"Our goal is not to directly compete with Google and Facebook," said Tim Armstrong at an event in Cannes. "Our goal is to open up real relationships with consumers in a differentiated ways."
The first stage of this approach, The Drum reported, is to take scale, assets, data and have a safe and trusted environment to drive the Verizon-owned business. In the second stage, Oath will look to bring in the consumer in a "disruptive way" that will build a two-way relationship with the brand.
The positioning to marketers, according to Variety, is that Oath's brands are "trusted places to do marketing". Armstrong claimed that "we are probably the single largest, cleanest source of consumer traffic and data."
Oath is currently made up of more than 50 media and tech brands, a number that will fall, although specific details were not made clear.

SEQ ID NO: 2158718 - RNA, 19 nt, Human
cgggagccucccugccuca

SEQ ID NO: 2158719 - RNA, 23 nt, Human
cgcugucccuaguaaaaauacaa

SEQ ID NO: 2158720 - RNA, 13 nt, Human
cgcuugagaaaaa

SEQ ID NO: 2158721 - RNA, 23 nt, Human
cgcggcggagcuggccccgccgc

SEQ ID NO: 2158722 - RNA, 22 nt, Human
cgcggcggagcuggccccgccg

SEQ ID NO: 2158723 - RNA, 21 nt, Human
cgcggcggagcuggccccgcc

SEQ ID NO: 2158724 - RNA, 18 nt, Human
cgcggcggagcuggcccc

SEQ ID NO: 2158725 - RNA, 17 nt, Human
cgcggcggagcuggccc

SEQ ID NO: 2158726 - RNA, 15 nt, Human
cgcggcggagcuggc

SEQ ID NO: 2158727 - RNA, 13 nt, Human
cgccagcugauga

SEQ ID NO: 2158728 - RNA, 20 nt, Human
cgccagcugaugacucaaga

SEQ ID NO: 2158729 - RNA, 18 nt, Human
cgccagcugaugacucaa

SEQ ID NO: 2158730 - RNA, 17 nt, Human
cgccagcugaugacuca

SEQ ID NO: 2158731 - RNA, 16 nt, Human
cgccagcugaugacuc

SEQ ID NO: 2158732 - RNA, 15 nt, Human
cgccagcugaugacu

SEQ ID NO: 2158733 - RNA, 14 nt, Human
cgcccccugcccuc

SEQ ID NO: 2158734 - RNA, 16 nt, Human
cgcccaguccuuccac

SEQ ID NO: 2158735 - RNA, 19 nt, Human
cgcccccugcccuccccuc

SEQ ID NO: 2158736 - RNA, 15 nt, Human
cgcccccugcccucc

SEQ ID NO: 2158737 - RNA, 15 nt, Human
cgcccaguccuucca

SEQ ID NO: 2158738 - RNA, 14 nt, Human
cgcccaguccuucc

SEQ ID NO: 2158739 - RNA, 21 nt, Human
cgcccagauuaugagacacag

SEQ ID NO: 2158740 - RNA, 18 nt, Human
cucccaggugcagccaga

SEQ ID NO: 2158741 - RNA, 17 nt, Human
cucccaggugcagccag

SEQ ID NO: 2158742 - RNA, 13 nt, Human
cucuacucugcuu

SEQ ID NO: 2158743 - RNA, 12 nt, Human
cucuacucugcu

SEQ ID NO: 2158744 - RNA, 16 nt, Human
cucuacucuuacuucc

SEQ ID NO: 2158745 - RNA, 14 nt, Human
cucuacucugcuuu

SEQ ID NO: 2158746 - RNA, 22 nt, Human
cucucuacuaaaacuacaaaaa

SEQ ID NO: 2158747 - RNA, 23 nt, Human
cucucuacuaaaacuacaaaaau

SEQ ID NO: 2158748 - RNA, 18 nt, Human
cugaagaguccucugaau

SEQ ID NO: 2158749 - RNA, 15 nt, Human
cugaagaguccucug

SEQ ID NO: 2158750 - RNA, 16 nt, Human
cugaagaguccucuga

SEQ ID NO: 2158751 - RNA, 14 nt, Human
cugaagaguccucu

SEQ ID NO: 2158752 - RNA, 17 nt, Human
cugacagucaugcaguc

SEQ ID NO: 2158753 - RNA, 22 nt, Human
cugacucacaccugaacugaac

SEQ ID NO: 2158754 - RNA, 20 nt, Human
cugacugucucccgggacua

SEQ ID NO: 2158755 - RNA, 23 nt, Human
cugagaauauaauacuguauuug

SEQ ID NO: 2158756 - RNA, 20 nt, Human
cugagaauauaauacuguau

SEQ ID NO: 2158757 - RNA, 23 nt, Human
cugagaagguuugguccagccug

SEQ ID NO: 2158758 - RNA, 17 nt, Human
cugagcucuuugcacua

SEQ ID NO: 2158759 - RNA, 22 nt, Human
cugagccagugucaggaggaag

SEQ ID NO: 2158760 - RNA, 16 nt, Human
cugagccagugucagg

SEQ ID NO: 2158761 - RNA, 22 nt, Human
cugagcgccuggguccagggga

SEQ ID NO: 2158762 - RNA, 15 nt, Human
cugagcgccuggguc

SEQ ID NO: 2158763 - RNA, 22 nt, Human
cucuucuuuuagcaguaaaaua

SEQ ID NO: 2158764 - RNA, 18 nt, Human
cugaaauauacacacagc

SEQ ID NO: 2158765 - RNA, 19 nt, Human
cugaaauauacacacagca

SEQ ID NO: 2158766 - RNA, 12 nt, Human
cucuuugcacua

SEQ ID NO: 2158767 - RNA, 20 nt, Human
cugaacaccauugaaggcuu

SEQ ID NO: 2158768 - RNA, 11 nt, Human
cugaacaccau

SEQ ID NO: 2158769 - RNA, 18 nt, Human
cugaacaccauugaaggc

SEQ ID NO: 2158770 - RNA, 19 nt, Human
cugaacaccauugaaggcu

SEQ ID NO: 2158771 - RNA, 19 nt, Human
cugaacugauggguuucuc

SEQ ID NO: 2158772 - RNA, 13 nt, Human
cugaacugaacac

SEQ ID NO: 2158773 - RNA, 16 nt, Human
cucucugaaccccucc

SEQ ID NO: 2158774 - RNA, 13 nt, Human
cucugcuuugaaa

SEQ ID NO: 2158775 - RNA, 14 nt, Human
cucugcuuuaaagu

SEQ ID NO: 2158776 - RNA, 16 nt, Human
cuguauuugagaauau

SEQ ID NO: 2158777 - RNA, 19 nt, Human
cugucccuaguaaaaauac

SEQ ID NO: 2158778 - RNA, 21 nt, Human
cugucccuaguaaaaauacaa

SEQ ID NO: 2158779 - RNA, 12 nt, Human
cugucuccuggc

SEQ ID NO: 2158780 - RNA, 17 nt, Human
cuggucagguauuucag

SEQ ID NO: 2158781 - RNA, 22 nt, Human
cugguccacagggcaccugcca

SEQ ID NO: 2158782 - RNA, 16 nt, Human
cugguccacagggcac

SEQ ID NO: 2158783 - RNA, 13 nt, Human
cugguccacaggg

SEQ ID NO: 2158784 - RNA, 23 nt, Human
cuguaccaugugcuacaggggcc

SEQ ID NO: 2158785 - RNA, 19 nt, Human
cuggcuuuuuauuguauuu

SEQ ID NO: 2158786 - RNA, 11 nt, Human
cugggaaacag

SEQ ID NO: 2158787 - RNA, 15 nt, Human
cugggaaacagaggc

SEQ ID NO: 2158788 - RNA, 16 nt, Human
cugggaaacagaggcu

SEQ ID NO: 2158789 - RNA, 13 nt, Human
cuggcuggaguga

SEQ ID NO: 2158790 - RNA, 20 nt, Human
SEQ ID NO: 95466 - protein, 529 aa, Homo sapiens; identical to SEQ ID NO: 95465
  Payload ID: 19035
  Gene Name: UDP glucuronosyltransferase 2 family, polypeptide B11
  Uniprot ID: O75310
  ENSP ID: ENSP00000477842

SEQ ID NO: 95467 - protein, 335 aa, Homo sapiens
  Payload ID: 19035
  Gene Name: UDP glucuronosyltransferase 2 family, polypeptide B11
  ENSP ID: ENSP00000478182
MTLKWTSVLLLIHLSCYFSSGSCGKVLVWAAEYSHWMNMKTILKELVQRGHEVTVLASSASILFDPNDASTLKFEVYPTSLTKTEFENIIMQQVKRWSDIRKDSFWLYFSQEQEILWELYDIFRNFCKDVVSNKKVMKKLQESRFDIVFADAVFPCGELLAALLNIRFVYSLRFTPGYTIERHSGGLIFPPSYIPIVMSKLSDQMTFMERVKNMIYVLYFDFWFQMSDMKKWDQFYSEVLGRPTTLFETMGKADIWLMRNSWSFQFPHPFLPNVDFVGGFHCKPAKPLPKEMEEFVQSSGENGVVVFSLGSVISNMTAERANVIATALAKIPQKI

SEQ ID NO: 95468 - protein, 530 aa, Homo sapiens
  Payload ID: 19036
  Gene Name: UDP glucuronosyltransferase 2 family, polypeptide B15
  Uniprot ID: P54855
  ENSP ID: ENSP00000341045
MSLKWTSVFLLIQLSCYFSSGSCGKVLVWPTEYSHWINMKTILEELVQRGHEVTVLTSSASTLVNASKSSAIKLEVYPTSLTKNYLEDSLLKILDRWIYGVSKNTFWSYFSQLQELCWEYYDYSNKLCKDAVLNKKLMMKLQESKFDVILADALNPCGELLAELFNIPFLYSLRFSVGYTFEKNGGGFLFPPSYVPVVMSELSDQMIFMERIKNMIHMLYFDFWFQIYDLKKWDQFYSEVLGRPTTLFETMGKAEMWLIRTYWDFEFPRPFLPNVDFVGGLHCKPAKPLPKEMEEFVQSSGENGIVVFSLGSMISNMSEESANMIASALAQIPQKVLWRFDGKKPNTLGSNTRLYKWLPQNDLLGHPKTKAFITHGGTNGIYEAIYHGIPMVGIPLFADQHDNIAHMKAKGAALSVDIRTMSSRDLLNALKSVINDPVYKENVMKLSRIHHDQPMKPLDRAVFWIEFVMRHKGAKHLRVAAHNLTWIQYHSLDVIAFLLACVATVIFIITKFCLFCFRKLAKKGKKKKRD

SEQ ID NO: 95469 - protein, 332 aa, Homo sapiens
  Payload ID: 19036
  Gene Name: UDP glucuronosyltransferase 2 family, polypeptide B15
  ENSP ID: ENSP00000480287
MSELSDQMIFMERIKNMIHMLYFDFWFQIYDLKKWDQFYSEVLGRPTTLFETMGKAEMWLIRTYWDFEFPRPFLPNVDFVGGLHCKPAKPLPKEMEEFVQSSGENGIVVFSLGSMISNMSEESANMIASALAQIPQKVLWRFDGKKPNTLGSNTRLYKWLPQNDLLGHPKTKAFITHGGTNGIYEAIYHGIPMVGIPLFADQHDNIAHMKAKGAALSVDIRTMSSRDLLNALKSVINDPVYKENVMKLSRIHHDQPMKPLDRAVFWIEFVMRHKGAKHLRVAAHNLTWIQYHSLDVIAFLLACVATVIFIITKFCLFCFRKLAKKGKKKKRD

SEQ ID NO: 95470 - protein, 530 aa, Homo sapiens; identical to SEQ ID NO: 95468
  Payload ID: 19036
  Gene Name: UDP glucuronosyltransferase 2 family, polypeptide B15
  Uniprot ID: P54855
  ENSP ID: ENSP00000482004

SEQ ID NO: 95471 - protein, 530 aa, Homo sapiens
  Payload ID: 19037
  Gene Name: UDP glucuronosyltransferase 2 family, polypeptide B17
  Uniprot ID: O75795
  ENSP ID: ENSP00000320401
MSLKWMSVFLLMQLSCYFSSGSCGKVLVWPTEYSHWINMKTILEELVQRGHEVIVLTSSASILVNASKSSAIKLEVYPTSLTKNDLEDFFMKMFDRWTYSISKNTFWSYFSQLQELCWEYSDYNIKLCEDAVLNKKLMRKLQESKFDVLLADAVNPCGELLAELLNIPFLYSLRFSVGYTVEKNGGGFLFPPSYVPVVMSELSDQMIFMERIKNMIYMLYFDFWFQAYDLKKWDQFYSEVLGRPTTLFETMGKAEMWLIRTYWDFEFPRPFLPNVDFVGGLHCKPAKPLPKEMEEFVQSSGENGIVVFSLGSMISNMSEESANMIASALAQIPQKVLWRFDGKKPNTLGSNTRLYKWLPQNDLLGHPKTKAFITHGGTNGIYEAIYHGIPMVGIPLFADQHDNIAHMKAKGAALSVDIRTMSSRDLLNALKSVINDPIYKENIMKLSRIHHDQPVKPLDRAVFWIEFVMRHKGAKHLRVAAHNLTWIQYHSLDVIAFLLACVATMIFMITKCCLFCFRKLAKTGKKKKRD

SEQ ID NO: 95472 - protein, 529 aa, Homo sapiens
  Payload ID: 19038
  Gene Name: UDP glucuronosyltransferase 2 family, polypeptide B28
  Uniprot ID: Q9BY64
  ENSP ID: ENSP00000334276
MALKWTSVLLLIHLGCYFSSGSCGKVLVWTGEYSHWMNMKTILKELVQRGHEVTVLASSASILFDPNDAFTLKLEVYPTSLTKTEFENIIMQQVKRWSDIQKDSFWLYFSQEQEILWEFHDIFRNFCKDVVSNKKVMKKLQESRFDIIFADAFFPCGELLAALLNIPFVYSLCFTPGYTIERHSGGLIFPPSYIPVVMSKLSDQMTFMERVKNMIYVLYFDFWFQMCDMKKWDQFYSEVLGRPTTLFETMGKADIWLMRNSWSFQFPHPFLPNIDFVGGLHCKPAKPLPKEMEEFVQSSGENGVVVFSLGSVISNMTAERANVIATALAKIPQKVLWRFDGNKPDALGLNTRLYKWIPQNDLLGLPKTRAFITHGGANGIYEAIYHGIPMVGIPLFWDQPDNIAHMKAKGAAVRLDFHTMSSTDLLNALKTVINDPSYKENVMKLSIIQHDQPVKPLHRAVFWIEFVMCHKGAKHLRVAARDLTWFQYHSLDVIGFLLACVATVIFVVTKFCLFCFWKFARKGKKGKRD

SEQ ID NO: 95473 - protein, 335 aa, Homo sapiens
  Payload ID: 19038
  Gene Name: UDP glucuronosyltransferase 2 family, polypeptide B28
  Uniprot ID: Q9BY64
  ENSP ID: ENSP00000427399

"We want to make it easier for people and not harder for people to buy," said chief marketing officer Allie Kline. "The volume of brands that we have ... will not be helpful, so you can see consolidation from a brand stand point there."
Armstrong added that over the longer term he saw Oath enabling "advertising to become a service" and helping build brands across mobile driven devices for consumers.
"The single largest white space that we are focusing on is how do you create a brand in the digital and mobile age," he said. "That is so much different to what was happening on the internet 15 or so years ago."
"The future of the internet is really going to be about the consumer and their relationship with the brand and that relationship being two-way."
Data sourced from Variety, The Drum; additional content by WARC staff